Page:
The city mice head to the country

The kids and I traveled out to Noble County last weekend to see Mama Meg and Peepaw and Aunt Sarah and Uncle Jorge.  And just as importantly, Stella, Mona and Rosie (the pups).  We jammed the last twenty minutes of the ride to Uncle Jack’s Alpine Ghost CD.  The kids love the first two songs of the CD because they are fast-paced and provide a beat that is easy to dance to wherever you are (car, bedroom, back yard).  Both of the kids break into dance while listening to the tunes but in completely different fashions.  Maria dances around like a nymph and Mario bangs his head and pumps his fists. 

As we drove up the gravel drive to the farm-house, we all sang loudly out of our windows to alert the crew that we had arrived.  The dogs took care of our arrival, also, by barking incessantly until we stopped the car and got out to acknowledge their presence.  They could not withhold their excitement; they knew that the kids would beg to get them out of their pen so they could play with them.  Little munchkin saviors.  And sure enough, within ten minutes of arrival, Mario was tossing a ball to Stella and Maria was trying to get Mona to do tricks for treats.  When Mona failed to adhere to Maria’s commands (she has only one leader – Aunt Sarah), Maria headed to the chicken pen.  She tried like mad to hold a chicken but they were in no mood to be touched.  She has the trick down – approach them quietly and calmly – but they still sense her presence and flee.  There is one female that loves Peepaw and Maria keeps her hopes up that if she stands around Peepaw long enough while he holds her, she will fall in love with Maria, too. 

We took a hike up to the swing a while later.  It still floors me after three years that my folks live on a farm with 40+ acres of land.  We can go out there whenever we want and hike through the woods looking at flowers and trees and mushrooms and caterpillars.  We can skim through the creek streaming alongside the trail and admire the slate soaking up the sunshine through the leaves.  We can study the circles on a fallen old oak tree to see how old it is and we can find all sorts of acorns and sticks to carry.  I love that the kids get this experience growing up.  I am a pure city girl so when I head into the woods with the kids, I feel like one, too.  I get excited at seeing a caterpillar on a tree limb or a big white-capped mushroom alone in a pile of clovers. 

After the hike, we ate a yummy wholesome meal and then visited the horses.  Taz and Sabe.  They are the most regal of creatures but I am still rather frightened of them.  I remember being eight or nine and being scared to death to ride on one by myself.  I still harbor that fear today when I saddle up.  I get nervous thinking about Taz trotting away.  But not Maria or Mario.  They saddle up on Taz and ride her around the ring like it is their business.  Mama Meg asks if they want to trot and there is no hesitancy: “YES” they reply.  What a treat for a six and three and year old.  The experience of riding and grooming and loving a horse – that has got to instill some seriously awesome life-long skills and lessons, doesn’t it?!  Seriously, I do feel like it raises their confidence and may push them to take on opportunities and challenges that they face as they get older.  Riding a horse is no easy task but they have always had the encouragement and patience of Mama Meg and Peepaw and now it is a rather easy task for them.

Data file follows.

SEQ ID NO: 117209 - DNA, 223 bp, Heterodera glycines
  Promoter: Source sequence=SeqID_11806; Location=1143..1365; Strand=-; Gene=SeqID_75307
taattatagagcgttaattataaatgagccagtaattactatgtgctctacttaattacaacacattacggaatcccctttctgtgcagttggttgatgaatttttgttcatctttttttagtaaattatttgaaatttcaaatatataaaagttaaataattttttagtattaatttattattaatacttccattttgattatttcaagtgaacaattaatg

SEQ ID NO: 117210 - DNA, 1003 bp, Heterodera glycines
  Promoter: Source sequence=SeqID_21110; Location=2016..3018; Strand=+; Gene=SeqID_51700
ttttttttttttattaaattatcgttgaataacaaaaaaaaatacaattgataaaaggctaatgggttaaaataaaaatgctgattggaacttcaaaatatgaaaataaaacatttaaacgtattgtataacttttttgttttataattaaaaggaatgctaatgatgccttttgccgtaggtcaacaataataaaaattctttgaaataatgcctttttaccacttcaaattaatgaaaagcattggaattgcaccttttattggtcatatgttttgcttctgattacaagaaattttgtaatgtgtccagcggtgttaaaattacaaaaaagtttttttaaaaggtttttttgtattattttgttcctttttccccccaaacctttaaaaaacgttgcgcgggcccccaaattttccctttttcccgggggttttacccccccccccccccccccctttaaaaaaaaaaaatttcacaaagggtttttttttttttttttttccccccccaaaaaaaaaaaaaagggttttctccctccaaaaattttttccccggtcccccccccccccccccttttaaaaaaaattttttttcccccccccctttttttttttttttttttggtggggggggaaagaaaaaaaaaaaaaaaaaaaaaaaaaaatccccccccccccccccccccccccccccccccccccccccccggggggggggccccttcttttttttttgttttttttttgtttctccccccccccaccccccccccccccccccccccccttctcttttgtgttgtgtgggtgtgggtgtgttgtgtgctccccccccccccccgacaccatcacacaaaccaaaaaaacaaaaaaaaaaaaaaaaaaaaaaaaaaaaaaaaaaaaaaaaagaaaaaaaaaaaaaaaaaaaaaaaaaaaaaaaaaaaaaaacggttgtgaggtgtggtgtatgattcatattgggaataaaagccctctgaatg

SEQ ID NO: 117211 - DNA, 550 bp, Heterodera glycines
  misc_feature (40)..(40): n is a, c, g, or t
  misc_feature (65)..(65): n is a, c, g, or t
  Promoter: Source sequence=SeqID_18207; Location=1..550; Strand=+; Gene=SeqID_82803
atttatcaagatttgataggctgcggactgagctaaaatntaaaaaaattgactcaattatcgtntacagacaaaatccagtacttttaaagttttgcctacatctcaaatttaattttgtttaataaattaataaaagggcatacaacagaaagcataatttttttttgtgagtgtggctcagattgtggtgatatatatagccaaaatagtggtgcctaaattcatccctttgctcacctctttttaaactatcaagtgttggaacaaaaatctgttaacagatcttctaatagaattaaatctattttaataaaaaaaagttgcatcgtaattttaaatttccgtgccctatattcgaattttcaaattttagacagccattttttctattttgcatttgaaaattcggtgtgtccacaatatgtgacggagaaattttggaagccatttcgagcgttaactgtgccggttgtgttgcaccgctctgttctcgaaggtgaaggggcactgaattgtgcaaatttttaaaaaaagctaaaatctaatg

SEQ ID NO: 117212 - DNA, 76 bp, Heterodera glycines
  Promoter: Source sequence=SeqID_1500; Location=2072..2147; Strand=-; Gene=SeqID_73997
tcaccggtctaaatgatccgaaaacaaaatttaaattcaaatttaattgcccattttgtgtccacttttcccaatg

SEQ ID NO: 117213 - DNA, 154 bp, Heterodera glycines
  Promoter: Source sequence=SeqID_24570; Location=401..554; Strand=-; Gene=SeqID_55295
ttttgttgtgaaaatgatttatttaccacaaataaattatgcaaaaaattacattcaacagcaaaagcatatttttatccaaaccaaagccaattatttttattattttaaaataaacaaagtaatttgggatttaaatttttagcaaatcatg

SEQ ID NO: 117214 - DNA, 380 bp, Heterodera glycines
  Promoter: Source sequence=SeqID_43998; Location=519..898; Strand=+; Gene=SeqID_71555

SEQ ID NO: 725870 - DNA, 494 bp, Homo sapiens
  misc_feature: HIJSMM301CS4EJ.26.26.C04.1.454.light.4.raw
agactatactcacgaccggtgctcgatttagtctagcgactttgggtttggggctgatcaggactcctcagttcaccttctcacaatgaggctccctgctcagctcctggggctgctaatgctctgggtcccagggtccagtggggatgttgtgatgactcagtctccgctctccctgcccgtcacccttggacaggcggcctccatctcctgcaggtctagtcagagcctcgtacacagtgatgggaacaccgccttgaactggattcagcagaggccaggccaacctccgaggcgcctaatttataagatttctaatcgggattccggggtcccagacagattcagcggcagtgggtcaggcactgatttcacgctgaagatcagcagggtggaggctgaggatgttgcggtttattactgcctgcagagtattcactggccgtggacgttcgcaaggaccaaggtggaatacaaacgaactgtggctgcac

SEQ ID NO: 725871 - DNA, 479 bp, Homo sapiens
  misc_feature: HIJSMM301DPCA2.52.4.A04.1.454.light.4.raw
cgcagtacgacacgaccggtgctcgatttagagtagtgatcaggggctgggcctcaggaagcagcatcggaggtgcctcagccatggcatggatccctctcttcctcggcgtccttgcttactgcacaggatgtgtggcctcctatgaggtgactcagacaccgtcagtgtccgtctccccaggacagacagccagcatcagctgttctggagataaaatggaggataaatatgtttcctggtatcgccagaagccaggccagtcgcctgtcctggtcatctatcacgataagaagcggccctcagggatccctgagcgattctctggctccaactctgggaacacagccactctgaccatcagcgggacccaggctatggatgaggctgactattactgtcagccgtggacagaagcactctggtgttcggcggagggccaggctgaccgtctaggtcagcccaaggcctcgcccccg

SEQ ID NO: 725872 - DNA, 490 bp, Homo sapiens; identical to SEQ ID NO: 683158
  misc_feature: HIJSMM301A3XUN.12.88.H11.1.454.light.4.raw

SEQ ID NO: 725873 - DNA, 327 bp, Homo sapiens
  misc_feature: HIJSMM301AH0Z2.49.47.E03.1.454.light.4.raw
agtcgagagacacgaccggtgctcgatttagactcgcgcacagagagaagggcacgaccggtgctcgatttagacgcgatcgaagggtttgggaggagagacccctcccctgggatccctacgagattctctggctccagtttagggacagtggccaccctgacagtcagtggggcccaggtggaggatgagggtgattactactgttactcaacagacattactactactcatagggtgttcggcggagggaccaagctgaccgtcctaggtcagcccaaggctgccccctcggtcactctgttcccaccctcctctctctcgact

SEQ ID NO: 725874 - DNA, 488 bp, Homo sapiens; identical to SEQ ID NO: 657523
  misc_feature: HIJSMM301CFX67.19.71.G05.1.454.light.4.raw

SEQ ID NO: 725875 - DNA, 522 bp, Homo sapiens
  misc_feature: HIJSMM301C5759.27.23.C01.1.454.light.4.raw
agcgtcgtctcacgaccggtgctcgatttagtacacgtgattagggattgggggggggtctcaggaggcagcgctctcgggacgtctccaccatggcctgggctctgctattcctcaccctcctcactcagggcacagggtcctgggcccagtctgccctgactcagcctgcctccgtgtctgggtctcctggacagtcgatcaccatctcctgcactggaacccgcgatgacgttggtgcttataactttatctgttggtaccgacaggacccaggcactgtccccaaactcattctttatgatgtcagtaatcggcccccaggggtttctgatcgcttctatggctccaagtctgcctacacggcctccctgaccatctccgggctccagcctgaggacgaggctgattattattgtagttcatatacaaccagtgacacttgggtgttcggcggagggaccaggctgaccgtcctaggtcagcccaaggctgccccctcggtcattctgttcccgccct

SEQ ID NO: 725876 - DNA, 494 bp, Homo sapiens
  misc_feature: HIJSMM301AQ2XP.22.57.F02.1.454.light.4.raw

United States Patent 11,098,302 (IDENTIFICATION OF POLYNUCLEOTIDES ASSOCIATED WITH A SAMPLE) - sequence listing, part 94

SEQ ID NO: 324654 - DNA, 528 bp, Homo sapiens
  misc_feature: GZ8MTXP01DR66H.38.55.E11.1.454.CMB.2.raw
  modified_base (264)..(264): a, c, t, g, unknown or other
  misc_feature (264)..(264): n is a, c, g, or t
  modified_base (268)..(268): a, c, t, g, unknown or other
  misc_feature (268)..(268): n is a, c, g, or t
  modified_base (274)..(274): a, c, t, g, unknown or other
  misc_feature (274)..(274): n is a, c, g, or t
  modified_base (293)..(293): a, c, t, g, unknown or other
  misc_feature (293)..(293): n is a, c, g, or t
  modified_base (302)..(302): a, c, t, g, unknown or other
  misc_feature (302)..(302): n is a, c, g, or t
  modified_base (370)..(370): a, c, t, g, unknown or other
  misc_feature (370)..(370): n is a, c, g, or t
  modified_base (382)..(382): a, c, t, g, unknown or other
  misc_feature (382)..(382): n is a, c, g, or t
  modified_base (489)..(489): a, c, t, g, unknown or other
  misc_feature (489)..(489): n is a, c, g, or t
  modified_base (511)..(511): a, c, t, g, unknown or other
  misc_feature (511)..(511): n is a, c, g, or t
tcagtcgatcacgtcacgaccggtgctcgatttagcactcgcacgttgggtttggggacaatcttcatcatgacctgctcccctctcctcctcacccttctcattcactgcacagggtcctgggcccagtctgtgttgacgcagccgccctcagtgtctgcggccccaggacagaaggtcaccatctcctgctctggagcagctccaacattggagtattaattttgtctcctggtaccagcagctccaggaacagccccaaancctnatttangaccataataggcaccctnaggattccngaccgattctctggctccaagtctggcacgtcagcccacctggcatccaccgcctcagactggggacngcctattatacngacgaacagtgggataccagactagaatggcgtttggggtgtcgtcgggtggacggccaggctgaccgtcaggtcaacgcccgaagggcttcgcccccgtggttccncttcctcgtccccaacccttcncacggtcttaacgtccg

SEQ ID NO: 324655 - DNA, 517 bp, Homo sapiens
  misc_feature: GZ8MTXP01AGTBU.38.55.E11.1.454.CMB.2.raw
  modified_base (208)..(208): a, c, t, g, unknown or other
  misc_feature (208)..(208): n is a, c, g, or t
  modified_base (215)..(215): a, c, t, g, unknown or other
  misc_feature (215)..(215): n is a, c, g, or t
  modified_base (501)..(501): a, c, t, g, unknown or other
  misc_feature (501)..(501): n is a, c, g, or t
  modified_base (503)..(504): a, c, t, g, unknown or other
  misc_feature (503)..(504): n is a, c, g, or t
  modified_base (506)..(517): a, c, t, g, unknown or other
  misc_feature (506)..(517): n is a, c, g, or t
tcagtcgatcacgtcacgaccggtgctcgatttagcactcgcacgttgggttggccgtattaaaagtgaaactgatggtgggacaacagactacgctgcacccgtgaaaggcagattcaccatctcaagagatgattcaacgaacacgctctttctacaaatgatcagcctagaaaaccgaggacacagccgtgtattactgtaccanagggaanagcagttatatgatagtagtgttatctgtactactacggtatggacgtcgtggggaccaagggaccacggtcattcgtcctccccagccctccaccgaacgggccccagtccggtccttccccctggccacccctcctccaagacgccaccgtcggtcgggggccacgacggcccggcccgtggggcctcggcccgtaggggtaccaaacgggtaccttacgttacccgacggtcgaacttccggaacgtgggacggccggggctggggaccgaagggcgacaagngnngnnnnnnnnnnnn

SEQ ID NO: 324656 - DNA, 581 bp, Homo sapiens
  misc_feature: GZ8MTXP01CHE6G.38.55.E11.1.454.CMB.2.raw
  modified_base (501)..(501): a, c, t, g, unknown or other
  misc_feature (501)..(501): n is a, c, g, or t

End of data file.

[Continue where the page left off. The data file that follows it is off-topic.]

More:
We got to start a fire in the evening and make some yummy s’mores.  I could never tire of burnt marshmallows and chocolate and graham crackers.  Maria and I were going to town on the marshmallows while Mario “roasted” graham crackers.  The little guy found some way to actually get the spears of the tongs in the cracker without breaking it.  What a freak.  After we stuffed ourselves on those little sandwiches or goodness, the kids and I went down to our tent to call it a night.  Maria and Mario were adamant that they were going to sleep outside alone, especially Maria.  But within five minutes of wrapping herself in the sleeping bag in the tent, she allegedly got leg cramps and wanted to come inside.  Dad went outside with Mario and I rubbed Maria’s legs.  Within five minutes fo that, Mario wanted to come in to be near me.  He begged me to sleep with him outside so dad and I switched roles.  I am learning that it is much harder to sleep on the ground than it used to be ten years ago.  I was hurting and at about 1 am, I decided that it was time for Mario and me to hit the bed in the house.  I scooped him up while trying to hold the two pillows and flashlight and waddled up to the bed on the second floor of the house.  He was out cold.  I was not.  I could not get back to sleep for some crazy reason. 

Morning came and I heard tiny little voices.  Mario was asking Mama Meg if they could see Duke’s grave (their dog that died).  Maria was talking about something I could not understand.  I looked out the window at the meadow and at the morning sky and I felt happy as if everything was perfect for those few seconds.  Life was good and there was much for which to be grateful.  I breathed in that moment and remember it still.  I promised myself I would try not to forget it because it is a helpful talisman during those days of chaos and stress.  We packed up later in the morning but only after two rides on the bulldozer and backhoe from a neighbor who had them at the farm in order to build a riding ring for Meg-pie.  The kids were in heaven sitting in those big ol’ machines and moving gravel all over the place.  

We headed back to the house and gave kisses and hugs to Aunt Sarah and Uncle Jorge and Mama Meg and Peepaw.  We showered the dogs with treats and love.  We waved good-bye to the chickens and horses.  And we headed back down the country roads towards our city home packed full of country goodness.

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